COP26 Bruegel Babel
Environment

Environmental apocalypse: the religious drama of COP26

“Since it is difficult to distinguish true prophets from false, it is as well to regard all prophets with suspicion,” warned Primo Levi in his 1947 work If This Is a Man / The Truce. As the Archbishop of Canterbury said world leaders would be ‘cursed‘ if COP26 fails to agree a plan to halt man-made climate change, the COP26 President Alok Sharma warned: “The science is clear that the window of time we have to keep the goal of 1.5℃ alive , and to avoid the worst effects of climate change, is closing fast. But with political will and commitment, we can, and must, deliver an outcome in Glasgow the world can be proud of.”

And so we enter a religious drama; a strange cultic phenomenon where even BBC journalists exchange calm analysis and political interrogation for fervent apocalyptic preaching:

Prime Minister Boris Johnson warns we are at one minute to midnight: if the clock strikes 12, great earthquakes shall be in divers places, and famines, and pestilences; and fearful sights and great signs shall there be from heaven. He knows the future: all the world’s leaders know the future (except presidents Putin and Xi, who have consulted their crystal balls and Ouija boards and were advised not to attend COP26 because they need the freedom to continue spewing carbon dioxide into the atmosphere to compete economically). If we can keep 1.5℃ alive, we shall have paradise on earth.

Perhaps it is within our grasp. Perhaps if we were all better stewards of Creation, there would be #ClimateJustice for those whose nations and lands are about to be submerged beneath 10m of sea. Or is the scale of suffering and groaning now so great that only God himself can save us with the Second Coming and the millennial reign of Christ?

If we are at one minute to midnight, we must be in the End Times: the Day of the Lord must be imminent, and then there shall be no suffering or pain; no more social injustice, war, poverty, pestilence, disease or famine. Or do we have the capacity to build a new world and forge a new creation right here and now?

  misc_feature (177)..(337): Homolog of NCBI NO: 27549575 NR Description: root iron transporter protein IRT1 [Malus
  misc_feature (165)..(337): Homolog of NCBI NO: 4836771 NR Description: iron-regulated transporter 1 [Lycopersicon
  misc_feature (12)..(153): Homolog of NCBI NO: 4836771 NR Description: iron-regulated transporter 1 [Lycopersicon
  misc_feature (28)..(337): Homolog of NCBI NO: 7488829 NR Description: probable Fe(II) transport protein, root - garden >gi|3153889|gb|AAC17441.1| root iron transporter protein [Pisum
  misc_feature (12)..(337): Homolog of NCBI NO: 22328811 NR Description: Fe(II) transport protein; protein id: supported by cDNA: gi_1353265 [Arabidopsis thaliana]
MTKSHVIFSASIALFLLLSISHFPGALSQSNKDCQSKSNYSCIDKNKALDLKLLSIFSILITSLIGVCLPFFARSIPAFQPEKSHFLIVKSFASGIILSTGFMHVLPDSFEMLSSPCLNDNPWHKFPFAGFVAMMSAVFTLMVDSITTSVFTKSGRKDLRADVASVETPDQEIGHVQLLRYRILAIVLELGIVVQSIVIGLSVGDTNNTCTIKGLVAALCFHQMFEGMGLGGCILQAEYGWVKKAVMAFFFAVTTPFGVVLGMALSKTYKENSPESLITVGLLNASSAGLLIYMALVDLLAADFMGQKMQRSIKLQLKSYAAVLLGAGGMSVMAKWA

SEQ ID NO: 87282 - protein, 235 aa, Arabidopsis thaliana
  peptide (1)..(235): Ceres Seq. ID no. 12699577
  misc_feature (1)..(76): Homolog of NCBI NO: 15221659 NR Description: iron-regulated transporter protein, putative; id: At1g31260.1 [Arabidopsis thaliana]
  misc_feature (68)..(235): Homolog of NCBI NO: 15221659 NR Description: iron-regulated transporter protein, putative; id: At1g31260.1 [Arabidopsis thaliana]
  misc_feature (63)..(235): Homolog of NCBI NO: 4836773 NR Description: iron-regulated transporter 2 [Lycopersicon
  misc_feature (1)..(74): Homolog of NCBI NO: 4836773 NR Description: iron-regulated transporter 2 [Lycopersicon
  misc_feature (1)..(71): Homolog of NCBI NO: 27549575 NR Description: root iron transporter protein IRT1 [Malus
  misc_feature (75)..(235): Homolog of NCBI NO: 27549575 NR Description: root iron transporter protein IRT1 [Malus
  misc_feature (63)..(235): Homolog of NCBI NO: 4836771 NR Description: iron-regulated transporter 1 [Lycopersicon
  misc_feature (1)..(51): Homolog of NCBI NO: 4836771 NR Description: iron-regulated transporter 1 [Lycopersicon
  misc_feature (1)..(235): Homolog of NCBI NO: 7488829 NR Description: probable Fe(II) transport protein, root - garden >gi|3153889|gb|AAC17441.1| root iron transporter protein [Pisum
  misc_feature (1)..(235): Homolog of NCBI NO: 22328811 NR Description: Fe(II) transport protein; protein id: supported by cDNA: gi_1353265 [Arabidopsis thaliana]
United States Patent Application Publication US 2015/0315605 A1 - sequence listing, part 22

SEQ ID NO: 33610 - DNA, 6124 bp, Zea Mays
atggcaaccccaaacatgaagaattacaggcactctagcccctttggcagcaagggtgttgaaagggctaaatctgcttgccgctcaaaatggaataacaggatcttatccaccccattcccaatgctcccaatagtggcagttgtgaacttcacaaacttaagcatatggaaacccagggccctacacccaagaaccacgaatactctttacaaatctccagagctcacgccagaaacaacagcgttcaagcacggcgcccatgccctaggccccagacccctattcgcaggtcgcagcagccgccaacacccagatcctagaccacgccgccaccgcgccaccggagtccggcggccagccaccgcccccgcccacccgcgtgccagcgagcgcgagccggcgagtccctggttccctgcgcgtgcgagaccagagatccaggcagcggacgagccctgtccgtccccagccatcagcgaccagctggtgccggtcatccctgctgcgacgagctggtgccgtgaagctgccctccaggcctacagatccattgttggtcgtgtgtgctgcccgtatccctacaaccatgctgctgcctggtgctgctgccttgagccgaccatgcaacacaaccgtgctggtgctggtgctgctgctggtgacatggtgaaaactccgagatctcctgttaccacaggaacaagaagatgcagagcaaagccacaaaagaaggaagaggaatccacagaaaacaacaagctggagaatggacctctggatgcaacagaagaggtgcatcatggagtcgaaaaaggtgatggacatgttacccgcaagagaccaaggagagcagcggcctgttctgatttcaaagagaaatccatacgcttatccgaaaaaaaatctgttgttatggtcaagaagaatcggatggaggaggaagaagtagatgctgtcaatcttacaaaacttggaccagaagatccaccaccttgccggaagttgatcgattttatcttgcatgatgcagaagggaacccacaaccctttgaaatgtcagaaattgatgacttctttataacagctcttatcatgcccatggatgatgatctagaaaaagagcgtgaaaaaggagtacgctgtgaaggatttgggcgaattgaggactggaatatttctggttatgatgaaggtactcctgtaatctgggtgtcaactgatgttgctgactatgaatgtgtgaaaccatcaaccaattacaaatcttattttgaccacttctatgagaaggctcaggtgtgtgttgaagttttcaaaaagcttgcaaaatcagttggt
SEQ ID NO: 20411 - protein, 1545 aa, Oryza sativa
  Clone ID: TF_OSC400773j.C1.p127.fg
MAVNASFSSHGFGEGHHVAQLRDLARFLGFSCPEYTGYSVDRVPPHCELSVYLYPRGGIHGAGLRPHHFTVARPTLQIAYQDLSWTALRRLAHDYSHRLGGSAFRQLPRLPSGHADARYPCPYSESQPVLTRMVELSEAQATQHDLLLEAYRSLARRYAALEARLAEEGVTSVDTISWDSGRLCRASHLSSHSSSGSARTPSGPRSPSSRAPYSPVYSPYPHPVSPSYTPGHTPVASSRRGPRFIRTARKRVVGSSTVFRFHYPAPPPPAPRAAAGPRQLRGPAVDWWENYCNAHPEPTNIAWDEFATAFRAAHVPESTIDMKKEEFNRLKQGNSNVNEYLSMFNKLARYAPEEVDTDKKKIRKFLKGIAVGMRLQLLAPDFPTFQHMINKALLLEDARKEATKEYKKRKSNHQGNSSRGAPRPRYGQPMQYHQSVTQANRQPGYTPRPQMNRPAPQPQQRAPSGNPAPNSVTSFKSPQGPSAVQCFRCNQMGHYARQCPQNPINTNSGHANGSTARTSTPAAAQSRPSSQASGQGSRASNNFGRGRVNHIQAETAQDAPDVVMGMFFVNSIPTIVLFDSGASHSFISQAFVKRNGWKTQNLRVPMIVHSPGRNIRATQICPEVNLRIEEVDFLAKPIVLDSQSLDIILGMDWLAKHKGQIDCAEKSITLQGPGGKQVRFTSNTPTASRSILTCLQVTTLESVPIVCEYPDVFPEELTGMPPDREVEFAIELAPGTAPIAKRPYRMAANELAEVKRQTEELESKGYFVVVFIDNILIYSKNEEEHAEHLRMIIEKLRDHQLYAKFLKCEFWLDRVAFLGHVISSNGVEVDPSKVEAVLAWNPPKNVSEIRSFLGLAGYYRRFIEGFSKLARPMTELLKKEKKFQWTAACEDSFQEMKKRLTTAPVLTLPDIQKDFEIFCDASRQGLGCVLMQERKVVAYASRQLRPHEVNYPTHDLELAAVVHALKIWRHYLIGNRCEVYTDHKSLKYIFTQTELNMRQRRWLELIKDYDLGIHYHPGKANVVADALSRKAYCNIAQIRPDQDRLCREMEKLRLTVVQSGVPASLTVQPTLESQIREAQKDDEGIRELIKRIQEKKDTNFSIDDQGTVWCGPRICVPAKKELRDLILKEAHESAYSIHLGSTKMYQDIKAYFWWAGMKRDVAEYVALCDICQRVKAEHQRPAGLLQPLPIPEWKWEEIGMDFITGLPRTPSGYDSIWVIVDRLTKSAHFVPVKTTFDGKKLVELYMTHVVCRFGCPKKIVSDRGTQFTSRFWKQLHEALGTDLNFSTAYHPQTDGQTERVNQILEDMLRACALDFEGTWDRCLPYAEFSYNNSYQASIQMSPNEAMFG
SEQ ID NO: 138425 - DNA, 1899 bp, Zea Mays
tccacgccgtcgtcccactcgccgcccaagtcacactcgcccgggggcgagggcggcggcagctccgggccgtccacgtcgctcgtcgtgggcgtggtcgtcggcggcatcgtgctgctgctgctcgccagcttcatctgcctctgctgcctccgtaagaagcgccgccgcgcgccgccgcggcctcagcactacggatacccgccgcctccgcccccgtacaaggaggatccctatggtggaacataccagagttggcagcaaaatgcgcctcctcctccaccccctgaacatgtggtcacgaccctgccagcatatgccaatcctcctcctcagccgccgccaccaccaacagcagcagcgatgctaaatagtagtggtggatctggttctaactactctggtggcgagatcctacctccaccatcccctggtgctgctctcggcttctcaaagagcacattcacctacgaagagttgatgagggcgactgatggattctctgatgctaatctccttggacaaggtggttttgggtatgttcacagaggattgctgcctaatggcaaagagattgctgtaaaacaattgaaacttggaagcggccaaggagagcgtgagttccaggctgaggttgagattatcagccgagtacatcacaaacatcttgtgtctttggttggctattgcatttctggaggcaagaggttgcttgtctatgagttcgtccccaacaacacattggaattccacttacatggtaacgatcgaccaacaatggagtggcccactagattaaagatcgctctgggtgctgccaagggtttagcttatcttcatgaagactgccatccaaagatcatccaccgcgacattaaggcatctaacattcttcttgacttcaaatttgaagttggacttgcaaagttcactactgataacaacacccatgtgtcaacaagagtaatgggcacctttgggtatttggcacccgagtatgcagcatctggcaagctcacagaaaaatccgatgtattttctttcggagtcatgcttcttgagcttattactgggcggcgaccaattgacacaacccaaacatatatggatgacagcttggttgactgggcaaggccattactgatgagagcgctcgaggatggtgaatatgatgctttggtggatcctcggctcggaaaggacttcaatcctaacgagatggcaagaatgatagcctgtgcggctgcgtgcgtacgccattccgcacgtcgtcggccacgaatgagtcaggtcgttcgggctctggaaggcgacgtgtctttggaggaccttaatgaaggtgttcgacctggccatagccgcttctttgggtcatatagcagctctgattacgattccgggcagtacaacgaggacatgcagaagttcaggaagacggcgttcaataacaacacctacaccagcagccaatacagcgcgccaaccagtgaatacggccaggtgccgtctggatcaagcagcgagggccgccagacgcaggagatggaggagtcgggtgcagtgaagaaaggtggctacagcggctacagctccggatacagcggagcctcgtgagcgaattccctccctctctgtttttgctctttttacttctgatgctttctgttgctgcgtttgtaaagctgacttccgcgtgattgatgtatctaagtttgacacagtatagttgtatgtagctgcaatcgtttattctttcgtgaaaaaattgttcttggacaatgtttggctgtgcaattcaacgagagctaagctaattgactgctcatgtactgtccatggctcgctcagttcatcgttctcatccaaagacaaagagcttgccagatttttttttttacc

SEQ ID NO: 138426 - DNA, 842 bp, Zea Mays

Welby Pope Cop26

Do we need to wait for that morning on the Mount of Olives when the Son shall return, or can the pagan liturgies of the Sun reveal the true source of life that revitalises the spirit of all peoples, and reveals the truth of all truths?

Tell us, when shall these things be? and what shall be the sign of Thy coming, and of the end of the world?

Jesus said there would be distress of nations, perplexity and bewilderment. There would be wars and rumours of wars, with nation rising against nation. And also: ‘As it was in the days of Noah, so shall it be also in the days of the Son of man. They did eat, they drank, they married wives, they were given in marriage..’

And then, just at the moment of apparent security a global salvation: ‘..when they shall say, Peace and safety; then sudden destruction cometh upon them, as travail upon a woman with child; and they shall not escape.’

And so the end shall come.

It is one thing to be good stewards of Creation, but quite another to preach the possibility of paradise on earth and a “vision of a world remade”. Christians are called to remember their rightful place within Creation and their responsibility to protect and defend it. Political activity can certainly make life better for us all, but when an environmental global movement (minus Russia and China) and great gathering of world leaders (minus Putin and Xi) consecrate the primacy of a secular collective entity with beliefs, myths, creed and liturgy, we move toward the religion of politics; the fervent and often irrational assertion that the ultimate purpose of social existence is to obey the commandments of the sacralised syncretic power, to which we owe our loyalty, our devotion and even our life. It becomes a kind of collective mania; mesmerising, dictating, subjecting and controlling. Such has been the strategy of totalitarian movements and regimes throughout history.

“There is much to be said for trying to improve some disadvantaged people’s lot,” observed Margaret Thatcher. “There is nothing to be said for trying to create heaven on earth.”